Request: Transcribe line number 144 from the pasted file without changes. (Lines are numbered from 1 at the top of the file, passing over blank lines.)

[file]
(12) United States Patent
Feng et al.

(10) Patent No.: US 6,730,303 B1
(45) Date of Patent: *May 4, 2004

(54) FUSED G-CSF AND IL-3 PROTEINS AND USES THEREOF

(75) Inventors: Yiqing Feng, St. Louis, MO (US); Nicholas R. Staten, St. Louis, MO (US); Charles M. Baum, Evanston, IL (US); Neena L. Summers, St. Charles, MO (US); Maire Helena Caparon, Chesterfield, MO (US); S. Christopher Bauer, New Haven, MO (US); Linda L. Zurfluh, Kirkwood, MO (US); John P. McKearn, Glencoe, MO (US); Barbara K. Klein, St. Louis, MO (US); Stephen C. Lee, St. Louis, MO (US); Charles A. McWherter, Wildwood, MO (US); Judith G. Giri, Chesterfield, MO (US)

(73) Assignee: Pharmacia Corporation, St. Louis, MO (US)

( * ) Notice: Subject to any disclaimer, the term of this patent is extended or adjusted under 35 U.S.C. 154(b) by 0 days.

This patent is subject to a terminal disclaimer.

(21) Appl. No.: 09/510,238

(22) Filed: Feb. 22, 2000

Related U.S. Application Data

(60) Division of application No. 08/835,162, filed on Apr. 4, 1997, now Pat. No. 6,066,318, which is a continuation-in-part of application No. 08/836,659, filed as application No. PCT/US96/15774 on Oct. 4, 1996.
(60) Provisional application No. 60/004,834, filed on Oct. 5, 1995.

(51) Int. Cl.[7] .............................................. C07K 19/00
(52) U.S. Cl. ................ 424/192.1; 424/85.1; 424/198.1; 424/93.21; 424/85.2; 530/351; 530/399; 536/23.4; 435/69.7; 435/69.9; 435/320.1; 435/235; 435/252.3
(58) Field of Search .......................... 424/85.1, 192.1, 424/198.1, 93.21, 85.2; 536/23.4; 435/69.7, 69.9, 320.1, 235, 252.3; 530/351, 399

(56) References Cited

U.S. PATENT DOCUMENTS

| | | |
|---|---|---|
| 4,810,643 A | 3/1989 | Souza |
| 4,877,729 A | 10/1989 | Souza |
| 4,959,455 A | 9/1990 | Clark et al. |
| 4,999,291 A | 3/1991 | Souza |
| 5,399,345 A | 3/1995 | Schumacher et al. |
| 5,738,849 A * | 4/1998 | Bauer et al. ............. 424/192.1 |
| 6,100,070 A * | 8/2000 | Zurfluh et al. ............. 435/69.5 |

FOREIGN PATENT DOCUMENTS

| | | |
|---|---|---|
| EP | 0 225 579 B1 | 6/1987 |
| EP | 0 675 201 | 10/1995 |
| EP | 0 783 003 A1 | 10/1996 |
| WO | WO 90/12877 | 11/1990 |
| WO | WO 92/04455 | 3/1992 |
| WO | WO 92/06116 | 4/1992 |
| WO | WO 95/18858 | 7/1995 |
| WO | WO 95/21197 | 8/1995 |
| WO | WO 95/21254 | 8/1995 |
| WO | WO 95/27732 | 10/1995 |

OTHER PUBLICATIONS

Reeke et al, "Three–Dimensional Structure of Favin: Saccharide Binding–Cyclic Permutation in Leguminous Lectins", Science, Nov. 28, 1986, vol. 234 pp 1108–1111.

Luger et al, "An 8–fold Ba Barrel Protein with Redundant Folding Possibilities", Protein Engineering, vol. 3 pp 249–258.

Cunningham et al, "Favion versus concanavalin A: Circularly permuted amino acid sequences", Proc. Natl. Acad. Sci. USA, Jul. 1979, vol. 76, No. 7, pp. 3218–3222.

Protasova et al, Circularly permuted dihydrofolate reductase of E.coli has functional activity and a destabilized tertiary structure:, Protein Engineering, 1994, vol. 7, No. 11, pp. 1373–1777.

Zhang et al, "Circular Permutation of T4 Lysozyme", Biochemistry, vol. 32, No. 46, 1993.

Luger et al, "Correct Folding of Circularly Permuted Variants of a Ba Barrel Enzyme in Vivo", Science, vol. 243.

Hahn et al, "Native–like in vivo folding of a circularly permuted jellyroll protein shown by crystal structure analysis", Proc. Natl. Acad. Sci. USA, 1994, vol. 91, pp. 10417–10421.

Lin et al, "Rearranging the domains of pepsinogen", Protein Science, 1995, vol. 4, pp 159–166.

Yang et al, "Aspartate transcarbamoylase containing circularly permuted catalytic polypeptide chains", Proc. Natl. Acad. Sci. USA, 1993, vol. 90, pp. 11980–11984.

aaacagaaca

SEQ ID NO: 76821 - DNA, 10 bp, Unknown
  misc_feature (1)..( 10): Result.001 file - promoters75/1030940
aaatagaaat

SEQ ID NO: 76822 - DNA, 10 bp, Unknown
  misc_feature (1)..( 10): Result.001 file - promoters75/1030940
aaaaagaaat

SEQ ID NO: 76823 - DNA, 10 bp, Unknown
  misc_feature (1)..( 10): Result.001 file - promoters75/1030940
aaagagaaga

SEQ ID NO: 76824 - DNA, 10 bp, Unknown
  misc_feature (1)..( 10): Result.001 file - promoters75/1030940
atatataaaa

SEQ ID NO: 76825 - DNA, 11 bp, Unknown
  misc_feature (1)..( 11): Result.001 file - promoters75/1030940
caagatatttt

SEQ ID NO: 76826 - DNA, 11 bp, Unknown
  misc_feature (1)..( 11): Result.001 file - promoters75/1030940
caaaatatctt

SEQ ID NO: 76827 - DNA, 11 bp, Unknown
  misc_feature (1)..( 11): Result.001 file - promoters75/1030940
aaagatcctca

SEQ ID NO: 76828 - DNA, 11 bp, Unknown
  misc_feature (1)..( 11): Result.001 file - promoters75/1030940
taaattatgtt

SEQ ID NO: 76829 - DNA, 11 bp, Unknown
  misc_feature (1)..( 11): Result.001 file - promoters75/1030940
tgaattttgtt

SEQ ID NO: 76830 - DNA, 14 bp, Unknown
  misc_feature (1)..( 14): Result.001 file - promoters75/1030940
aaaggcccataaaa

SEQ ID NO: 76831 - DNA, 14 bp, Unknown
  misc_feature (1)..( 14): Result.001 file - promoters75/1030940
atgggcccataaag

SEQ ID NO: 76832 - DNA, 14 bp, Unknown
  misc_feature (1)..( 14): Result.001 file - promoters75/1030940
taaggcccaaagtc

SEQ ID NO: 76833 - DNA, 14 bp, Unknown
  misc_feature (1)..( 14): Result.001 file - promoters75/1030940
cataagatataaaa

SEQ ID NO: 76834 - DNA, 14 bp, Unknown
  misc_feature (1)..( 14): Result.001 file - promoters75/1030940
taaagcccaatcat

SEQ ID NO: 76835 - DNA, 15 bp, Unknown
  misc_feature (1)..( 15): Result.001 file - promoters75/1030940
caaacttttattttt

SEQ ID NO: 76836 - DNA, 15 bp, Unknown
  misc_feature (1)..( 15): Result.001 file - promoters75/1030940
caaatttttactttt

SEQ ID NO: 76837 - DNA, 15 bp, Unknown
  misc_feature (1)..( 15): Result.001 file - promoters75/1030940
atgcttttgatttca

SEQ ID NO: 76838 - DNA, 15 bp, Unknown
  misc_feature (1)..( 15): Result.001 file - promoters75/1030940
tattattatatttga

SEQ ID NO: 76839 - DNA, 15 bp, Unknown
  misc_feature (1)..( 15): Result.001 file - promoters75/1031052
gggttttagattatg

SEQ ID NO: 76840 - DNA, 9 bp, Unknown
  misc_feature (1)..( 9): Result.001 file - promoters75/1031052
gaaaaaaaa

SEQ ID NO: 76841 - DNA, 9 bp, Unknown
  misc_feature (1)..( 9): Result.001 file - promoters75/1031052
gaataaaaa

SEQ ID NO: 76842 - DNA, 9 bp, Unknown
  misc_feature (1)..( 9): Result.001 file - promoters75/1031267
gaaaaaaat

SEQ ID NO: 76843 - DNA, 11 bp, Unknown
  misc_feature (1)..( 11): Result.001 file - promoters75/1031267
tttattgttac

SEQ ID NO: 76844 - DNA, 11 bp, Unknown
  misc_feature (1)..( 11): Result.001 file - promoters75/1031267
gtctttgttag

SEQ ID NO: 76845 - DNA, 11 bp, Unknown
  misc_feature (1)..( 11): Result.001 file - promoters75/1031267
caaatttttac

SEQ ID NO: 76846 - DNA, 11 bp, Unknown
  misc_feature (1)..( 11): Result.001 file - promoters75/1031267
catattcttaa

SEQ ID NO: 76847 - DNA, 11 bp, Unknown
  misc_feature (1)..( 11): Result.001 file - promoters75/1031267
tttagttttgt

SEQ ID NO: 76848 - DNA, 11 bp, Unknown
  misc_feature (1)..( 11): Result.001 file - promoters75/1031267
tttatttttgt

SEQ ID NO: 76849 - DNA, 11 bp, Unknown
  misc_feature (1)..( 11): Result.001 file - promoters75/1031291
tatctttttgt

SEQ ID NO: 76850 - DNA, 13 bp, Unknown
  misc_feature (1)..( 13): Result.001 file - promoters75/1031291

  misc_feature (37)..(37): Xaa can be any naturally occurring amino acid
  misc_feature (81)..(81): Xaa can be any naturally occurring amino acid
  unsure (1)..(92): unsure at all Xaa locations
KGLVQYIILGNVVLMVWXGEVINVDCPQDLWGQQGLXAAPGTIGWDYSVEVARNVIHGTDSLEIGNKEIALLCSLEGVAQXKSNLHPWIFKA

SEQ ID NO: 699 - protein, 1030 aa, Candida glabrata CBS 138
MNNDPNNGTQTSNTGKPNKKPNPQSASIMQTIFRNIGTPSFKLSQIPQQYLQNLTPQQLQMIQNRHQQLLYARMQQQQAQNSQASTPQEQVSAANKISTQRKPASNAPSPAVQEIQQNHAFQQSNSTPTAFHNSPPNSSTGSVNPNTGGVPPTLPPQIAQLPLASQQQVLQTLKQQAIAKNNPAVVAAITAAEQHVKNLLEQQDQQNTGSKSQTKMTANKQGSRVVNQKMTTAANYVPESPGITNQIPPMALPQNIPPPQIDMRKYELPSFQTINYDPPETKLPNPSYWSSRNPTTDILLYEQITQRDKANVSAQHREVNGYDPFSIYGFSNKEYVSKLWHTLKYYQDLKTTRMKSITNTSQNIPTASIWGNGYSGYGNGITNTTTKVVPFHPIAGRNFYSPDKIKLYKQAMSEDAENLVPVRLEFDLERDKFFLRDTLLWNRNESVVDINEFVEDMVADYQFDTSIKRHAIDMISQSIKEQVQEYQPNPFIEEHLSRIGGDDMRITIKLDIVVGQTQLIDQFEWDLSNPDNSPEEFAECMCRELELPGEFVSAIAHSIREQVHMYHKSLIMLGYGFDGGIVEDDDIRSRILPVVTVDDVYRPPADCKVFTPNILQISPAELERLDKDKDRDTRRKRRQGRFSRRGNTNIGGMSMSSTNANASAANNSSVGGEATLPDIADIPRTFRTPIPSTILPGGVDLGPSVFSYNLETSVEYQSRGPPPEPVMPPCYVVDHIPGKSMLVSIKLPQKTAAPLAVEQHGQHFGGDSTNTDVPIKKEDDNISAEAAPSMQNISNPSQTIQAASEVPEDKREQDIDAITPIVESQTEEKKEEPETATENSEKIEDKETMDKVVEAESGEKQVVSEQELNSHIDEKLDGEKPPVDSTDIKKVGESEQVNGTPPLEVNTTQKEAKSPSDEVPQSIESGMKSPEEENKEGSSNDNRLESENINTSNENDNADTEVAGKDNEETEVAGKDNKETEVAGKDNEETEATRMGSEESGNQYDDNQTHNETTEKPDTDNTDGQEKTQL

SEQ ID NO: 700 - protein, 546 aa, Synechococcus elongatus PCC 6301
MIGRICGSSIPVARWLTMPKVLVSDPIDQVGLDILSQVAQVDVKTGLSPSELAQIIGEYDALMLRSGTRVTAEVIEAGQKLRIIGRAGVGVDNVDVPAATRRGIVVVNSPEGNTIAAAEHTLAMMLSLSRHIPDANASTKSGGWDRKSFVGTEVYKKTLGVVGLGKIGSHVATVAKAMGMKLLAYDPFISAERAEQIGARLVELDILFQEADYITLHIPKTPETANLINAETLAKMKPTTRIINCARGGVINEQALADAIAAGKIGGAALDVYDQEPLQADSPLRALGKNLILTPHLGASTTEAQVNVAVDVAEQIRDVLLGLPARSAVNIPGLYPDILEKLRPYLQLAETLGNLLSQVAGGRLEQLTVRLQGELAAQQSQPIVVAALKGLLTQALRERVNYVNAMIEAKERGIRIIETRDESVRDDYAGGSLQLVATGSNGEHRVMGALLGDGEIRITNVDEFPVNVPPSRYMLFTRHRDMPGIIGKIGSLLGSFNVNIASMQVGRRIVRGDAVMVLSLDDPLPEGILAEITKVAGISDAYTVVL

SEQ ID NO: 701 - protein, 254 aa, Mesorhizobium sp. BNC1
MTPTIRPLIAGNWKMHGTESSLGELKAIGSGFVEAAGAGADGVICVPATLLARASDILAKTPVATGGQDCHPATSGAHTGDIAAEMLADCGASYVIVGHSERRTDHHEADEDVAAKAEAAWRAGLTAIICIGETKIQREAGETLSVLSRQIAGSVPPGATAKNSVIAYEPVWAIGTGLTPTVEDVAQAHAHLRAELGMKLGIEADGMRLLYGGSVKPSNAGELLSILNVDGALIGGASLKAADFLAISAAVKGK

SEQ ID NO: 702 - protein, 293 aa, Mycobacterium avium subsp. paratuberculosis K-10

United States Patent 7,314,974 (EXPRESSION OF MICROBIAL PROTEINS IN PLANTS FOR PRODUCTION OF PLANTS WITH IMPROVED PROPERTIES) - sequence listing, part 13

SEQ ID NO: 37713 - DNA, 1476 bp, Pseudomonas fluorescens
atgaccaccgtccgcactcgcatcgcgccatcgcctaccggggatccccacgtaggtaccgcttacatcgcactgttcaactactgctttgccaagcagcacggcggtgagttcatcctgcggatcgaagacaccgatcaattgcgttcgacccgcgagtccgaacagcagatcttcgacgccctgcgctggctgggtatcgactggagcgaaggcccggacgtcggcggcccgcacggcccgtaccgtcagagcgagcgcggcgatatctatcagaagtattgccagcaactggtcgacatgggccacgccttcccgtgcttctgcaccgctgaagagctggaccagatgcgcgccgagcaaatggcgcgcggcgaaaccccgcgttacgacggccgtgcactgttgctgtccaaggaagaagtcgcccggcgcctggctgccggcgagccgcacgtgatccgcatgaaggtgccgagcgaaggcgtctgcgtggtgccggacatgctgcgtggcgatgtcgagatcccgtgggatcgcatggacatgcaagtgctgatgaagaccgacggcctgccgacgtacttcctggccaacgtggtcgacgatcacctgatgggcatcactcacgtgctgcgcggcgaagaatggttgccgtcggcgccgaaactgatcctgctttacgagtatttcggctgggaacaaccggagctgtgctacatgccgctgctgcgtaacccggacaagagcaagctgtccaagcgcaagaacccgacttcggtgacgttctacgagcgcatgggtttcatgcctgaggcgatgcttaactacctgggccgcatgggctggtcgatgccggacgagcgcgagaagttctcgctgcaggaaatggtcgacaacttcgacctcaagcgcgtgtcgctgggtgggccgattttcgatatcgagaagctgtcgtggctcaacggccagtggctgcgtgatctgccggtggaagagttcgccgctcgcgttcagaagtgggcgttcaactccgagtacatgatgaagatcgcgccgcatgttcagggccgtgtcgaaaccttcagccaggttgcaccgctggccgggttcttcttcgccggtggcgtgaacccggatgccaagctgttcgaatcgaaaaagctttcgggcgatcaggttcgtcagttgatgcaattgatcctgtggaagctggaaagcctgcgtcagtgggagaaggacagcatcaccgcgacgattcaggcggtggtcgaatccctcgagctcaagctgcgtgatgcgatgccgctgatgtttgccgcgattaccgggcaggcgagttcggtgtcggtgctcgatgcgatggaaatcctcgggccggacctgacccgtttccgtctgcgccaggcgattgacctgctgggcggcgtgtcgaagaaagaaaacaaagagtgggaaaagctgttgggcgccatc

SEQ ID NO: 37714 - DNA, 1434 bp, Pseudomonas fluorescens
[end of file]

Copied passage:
  unsure (1)..(92): unsure at all Xaa locations